Corsair by Tim Severin is a book set in the age of pirates in and around the Barbary coast, it starts off well but ultimately fizzles out.
The book is set in the 17th century and tells the story of an Irishman called Hector Lynch who along with his sister is taken by a raiding moorish party and transferred to Northern Africa. Hector is an educated young man whose staying at the village for a few days, this instantly places him into a different type of prisoner compared to his fellow villagers. Its fair to say that his Irishness is largely ignored from this point and the author makes the point at the end of the novel that the raid is based on a real event in 1550, I can only asssume for necessity that the main character in the novel had to be Irish.
So the point of the book?
Well firstly its to look for Hectors sister, thats the main focus for Hector and as you can guess this isn't resolved quickly. The other is a return to Britain/Ireland in which a chance comes up early but as with the sister is a story which will run.
Hector is a bit of an unlikely character, firstly he's an intelligent young man but also seems to have a skill for every situation. He's tall, good looking, quick with languages and intelligent. In truth he's everything you'd want for a hero set in the 17th century, however, he's a bit of a man out of time and is in reality a man from the 21st century living in the 17th century.
His sister Elizabeth - we don't meet her but she's mentioned through out.
Dan - A fellow prisoner befriended by Hector, he's English and very good with the pen, he tags along with Hector who finds him a place wherever they turn up.
Murat Reis - The corsair who took Hector, he's english but has turned Turk and become a muslim. He starts as the enemy but slowly becomes more of an enigma then a help to Hector. He's based on a real character.
Hector taken in Ireland is taken by the corsair, he turns Turk by becoming a muslim, is then shipwrecked, the taken another corsair and taken to Tangiers and is employed by the emperor Moulay.
The story moves very wuickly, indeed some might say a bit too quickly lots of things happen to Hector and everytime he manages to land on his feet and turn a bad situation into a positive. Hector is apparently brilliant at languages which makes wherever he ends up an easy explanation into how he ingrates into the society. Hector seems to have a relevent skill for whatever situtation he manages to land in, if they need a engineer he has the skills, if they need a gunpowder expert he has the skills, if they need a liguist he has the skills, if they need an architect he pushes Dan forward who has the skills etc etc. You get my drift.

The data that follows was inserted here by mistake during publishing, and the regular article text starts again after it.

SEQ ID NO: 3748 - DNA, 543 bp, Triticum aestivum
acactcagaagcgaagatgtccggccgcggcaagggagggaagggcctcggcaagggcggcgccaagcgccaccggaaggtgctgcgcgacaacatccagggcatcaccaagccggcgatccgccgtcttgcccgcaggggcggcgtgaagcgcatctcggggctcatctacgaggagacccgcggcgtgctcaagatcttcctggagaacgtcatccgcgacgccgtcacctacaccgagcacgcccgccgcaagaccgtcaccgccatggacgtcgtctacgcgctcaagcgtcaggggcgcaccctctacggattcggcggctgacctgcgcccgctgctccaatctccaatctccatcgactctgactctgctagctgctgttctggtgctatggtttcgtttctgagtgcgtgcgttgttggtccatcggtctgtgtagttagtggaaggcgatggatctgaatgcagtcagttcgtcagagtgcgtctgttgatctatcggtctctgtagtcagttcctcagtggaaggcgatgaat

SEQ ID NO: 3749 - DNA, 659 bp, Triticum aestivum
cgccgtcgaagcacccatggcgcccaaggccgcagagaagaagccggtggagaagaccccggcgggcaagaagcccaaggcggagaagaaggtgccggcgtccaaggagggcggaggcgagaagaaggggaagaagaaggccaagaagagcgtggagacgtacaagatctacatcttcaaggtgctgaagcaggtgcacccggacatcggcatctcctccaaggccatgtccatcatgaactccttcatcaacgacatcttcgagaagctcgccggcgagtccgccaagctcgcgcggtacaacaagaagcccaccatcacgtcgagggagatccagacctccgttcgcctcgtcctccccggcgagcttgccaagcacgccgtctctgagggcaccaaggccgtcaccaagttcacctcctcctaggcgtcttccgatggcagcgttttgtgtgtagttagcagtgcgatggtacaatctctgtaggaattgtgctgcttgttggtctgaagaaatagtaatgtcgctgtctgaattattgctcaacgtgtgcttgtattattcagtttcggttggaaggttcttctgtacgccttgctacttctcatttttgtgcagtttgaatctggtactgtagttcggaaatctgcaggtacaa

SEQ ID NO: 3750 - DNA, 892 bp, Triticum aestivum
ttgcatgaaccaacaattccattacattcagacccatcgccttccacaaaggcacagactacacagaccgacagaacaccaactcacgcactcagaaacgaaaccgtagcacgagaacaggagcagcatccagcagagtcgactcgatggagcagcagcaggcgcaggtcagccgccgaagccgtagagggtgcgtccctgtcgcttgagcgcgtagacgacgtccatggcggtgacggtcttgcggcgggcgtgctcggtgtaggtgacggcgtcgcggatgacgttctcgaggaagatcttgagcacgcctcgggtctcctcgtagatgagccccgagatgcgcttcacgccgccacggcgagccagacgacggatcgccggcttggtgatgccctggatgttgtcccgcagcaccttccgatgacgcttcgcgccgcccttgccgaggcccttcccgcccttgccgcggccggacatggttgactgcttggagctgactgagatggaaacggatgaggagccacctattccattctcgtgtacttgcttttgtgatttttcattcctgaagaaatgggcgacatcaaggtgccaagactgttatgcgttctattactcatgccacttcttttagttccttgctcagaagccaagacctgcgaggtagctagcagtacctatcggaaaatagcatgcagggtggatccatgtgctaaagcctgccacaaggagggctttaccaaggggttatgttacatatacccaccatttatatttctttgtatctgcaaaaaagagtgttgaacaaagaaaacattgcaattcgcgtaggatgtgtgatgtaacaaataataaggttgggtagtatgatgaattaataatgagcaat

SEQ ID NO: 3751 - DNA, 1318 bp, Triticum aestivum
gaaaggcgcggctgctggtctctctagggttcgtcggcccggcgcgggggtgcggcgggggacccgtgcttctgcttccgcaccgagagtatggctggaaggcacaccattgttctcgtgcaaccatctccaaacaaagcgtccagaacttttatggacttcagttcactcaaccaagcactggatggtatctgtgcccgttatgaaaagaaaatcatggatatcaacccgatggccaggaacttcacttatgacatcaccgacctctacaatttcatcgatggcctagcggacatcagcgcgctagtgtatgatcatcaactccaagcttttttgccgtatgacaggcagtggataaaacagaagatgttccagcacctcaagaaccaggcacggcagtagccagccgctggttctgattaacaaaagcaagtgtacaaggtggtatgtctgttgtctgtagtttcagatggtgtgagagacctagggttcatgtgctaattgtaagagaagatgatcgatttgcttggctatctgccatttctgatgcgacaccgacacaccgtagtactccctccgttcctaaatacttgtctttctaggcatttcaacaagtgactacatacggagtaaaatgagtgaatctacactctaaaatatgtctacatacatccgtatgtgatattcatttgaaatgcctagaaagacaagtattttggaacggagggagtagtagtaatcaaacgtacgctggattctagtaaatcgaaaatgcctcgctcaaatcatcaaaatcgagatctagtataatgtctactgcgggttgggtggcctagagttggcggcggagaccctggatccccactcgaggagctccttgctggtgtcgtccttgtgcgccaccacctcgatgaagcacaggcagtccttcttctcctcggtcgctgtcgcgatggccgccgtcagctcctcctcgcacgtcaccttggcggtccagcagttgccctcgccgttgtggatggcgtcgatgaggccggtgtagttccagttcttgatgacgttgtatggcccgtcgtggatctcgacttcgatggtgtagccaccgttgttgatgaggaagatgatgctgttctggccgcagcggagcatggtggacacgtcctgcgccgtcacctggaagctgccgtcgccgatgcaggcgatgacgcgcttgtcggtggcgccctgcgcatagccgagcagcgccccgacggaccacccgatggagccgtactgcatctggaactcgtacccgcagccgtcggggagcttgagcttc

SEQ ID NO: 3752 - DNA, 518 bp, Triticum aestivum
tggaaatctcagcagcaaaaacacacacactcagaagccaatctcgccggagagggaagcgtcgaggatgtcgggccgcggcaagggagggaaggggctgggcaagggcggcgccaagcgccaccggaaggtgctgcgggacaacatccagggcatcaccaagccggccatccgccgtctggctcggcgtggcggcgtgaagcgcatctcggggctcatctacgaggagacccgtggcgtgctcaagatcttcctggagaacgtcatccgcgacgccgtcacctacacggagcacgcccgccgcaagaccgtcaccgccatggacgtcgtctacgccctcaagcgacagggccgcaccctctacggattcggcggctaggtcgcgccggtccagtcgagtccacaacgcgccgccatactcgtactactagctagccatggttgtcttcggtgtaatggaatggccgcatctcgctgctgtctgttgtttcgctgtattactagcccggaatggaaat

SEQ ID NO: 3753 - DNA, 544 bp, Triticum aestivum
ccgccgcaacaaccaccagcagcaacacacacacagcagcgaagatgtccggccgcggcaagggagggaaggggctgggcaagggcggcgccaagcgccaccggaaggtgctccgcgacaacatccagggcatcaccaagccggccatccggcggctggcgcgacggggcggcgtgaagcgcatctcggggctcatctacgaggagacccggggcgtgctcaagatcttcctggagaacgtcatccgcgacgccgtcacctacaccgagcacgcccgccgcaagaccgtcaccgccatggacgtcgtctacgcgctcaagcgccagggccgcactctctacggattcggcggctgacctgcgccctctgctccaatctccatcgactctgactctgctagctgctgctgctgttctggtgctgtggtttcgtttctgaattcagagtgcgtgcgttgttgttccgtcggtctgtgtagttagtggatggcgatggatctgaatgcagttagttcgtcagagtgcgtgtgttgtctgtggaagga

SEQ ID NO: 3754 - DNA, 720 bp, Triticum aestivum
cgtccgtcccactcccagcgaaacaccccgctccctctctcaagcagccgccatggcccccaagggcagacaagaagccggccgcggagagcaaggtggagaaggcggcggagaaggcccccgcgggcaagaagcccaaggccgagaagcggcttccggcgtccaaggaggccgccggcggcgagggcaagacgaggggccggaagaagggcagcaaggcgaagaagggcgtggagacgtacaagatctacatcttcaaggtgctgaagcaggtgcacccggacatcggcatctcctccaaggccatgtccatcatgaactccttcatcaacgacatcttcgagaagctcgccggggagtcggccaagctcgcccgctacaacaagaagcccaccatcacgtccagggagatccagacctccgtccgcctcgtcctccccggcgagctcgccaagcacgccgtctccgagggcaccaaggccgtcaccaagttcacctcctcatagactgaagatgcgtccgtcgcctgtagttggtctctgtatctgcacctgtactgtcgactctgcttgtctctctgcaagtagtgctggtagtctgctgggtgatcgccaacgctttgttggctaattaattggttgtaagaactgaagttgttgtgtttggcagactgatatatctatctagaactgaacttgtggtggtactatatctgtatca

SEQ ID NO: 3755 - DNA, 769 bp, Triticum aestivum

So the story winds along, in truth it jumps a bit at times and you do wonder if Hector would ever think "It's been a funny old year" because every time he almost gets set suddenly thngs happen and he's whisked away into a new situation. Some of the things which happen to him are truly horrible, murder, mayhem, shipwrecks, turning into a Muslim (an eye wartering moment), threatened with torture, lashed with the cat, and basically going around the Barbary coast, East med in a state of constant terror. However, Hector takes it all in his stride and always ends up on top.
The political situation around that part of the world in the 17th century is a volatile one, England is starting to flex her muscles on the oceans around the world and starting to become the major world power away from the French and the Spanish. The threat of invasion from the Islamic Northern AFrica is a constant possibility but the internal differences between Tangiers, Marakesh and Algiers will mean that an Islamic empire will never quite happen in Southern Europe. This is the period of the brigand, pirate and buccaneer with plenty of skullduggery concerning the barely legal actions of the english brigands against the Spanish empire in South America.
All these things are going on and are mentioned but not really explored in depth in this book, in truth its a fairly standard pirate, brigand type novel featuring a lot of cliche based characters. The muslims are cast strictly as the enemy with their odd ways, the english as the middle way and the Irish as the trustworthy.
The novel does have a decent finish and of course leaves plenty of avenues for follow up novels in which Buccaneer is the next, will I be reading it? Probably but I think its an order from the library rather than buy from a bookshop.